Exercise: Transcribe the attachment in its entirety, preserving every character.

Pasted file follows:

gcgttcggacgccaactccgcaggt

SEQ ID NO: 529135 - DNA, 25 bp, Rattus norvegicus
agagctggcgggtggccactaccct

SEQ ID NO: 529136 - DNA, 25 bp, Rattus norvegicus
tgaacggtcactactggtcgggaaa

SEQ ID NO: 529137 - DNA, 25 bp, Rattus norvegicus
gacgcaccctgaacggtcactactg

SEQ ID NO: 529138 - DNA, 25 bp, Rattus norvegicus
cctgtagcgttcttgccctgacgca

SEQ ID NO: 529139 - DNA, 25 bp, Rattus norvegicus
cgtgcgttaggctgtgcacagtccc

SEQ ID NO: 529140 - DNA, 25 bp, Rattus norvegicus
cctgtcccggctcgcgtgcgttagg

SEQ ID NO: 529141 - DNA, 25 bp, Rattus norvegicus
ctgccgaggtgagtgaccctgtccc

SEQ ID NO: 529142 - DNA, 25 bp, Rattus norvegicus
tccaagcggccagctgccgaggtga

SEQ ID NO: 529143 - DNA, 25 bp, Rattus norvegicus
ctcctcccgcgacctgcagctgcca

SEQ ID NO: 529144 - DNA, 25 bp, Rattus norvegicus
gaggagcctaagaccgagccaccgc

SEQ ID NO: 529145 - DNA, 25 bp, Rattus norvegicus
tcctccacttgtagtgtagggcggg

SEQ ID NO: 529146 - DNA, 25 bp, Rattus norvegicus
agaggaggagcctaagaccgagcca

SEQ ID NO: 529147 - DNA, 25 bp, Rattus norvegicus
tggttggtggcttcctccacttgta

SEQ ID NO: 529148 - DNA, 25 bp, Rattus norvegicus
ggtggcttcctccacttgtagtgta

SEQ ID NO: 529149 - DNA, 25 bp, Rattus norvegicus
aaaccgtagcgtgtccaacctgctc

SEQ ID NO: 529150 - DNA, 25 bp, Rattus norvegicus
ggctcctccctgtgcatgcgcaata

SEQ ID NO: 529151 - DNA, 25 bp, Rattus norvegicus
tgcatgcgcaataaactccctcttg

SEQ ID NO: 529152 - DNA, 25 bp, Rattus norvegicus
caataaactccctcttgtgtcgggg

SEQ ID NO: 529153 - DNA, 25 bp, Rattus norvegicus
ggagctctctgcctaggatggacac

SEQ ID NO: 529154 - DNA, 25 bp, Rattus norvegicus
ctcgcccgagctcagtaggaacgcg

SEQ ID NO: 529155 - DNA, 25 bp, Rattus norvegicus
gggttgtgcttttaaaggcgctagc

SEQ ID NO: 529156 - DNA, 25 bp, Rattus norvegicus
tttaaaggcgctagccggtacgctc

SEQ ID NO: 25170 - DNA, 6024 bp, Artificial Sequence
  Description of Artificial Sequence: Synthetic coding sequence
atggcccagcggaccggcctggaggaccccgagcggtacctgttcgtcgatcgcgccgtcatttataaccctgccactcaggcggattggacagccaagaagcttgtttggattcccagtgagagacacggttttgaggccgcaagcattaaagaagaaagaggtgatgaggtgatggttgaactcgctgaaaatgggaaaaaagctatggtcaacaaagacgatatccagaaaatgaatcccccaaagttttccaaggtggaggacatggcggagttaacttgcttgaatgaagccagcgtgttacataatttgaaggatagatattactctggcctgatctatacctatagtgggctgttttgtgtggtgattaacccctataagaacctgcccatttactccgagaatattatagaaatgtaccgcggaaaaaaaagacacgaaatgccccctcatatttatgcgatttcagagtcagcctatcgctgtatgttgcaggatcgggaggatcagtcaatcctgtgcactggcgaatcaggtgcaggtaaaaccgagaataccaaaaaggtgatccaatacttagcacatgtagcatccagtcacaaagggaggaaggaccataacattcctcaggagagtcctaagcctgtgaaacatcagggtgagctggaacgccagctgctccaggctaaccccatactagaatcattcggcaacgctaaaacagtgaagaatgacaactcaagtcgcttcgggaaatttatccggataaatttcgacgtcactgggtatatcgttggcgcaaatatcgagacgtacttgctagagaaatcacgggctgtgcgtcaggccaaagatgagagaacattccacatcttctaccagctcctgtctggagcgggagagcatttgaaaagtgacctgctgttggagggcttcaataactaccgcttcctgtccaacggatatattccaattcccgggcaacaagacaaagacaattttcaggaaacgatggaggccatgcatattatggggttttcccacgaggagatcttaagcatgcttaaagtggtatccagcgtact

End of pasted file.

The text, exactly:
gcgttcggacgccaactccgcaggt

SEQ ID NO: 529135 - DNA, 25 bp, Rattus norvegicus
agagctggcgggtggccactaccct

SEQ ID NO: 529136 - DNA, 25 bp, Rattus norvegicus
tgaacggtcactactggtcgggaaa

SEQ ID NO: 529137 - DNA, 25 bp, Rattus norvegicus
gacgcaccctgaacggtcactactg

SEQ ID NO: 529138 - DNA, 25 bp, Rattus norvegicus
cctgtagcgttcttgccctgacgca

SEQ ID NO: 529139 - DNA, 25 bp, Rattus norvegicus
cgtgcgttaggctgtgcacagtccc

SEQ ID NO: 529140 - DNA, 25 bp, Rattus norvegicus
cctgtcccggctcgcgtgcgttagg

SEQ ID NO: 529141 - DNA, 25 bp, Rattus norvegicus
ctgccgaggtgagtgaccctgtccc

SEQ ID NO: 529142 - DNA, 25 bp, Rattus norvegicus
tccaagcggccagctgccgaggtga

SEQ ID NO: 529143 - DNA, 25 bp, Rattus norvegicus
ctcctcccgcgacctgcagctgcca

SEQ ID NO: 529144 - DNA, 25 bp, Rattus norvegicus
gaggagcctaagaccgagccaccgc

SEQ ID NO: 529145 - DNA, 25 bp, Rattus norvegicus
tcctccacttgtagtgtagggcggg

SEQ ID NO: 529146 - DNA, 25 bp, Rattus norvegicus
agaggaggagcctaagaccgagcca

SEQ ID NO: 529147 - DNA, 25 bp, Rattus norvegicus
tggttggtggcttcctccacttgta

SEQ ID NO: 529148 - DNA, 25 bp, Rattus norvegicus
ggtggcttcctccacttgtagtgta

SEQ ID NO: 529149 - DNA, 25 bp, Rattus norvegicus
aaaccgtagcgtgtccaacctgctc

SEQ ID NO: 529150 - DNA, 25 bp, Rattus norvegicus
ggctcctccctgtgcatgcgcaata

SEQ ID NO: 529151 - DNA, 25 bp, Rattus norvegicus
tgcatgcgcaataaactccctcttg

SEQ ID NO: 529152 - DNA, 25 bp, Rattus norvegicus
caataaactccctcttgtgtcgggg

SEQ ID NO: 529153 - DNA, 25 bp, Rattus norvegicus
ggagctctctgcctaggatggacac

SEQ ID NO: 529154 - DNA, 25 bp, Rattus norvegicus
ctcgcccgagctcagtaggaacgcg

SEQ ID NO: 529155 - DNA, 25 bp, Rattus norvegicus
gggttgtgcttttaaaggcgctagc

SEQ ID NO: 529156 - DNA, 25 bp, Rattus norvegicus
tttaaaggcgctagccggtacgctc

SEQ ID NO: 25170 - DNA, 6024 bp, Artificial Sequence
  Description of Artificial Sequence: Synthetic coding sequence
atggcccagcggaccggcctggaggaccccgagcggtacctgttcgtcgatcgcgccgtcatttataaccctgccactcaggcggattggacagccaagaagcttgtttggattcccagtgagagacacggttttgaggccgcaagcattaaagaagaaagaggtgatgaggtgatggttgaactcgctgaaaatgggaaaaaagctatggtcaacaaagacgatatccagaaaatgaatcccccaaagttttccaaggtggaggacatggcggagttaacttgcttgaatgaagccagcgtgttacataatttgaaggatagatattactctggcctgatctatacctatagtgggctgttttgtgtggtgattaacccctataagaacctgcccatttactccgagaatattatagaaatgtaccgcggaaaaaaaagacacgaaatgccccctcatatttatgcgatttcagagtcagcctatcgctgtatgttgcaggatcgggaggatcagtcaatcctgtgcactggcgaatcaggtgcaggtaaaaccgagaataccaaaaaggtgatccaatacttagcacatgtagcatccagtcacaaagggaggaaggaccataacattcctcaggagagtcctaagcctgtgaaacatcagggtgagctggaacgccagctgctccaggctaaccccatactagaatcattcggcaacgctaaaacagtgaagaatgacaactcaagtcgcttcgggaaatttatccggataaatttcgacgtcactgggtatatcgttggcgcaaatatcgagacgtacttgctagagaaatcacgggctgtgcgtcaggccaaagatgagagaacattccacatcttctaccagctcctgtctggagcgggagagcatttgaaaagtgacctgctgttggagggcttcaataactaccgcttcctgtccaacggatatattccaattcccgggcaacaagacaaagacaattttcaggaaacgatggaggccatgcatattatggggttttcccacgaggagatcttaagcatgcttaaagtggtatccagcgtact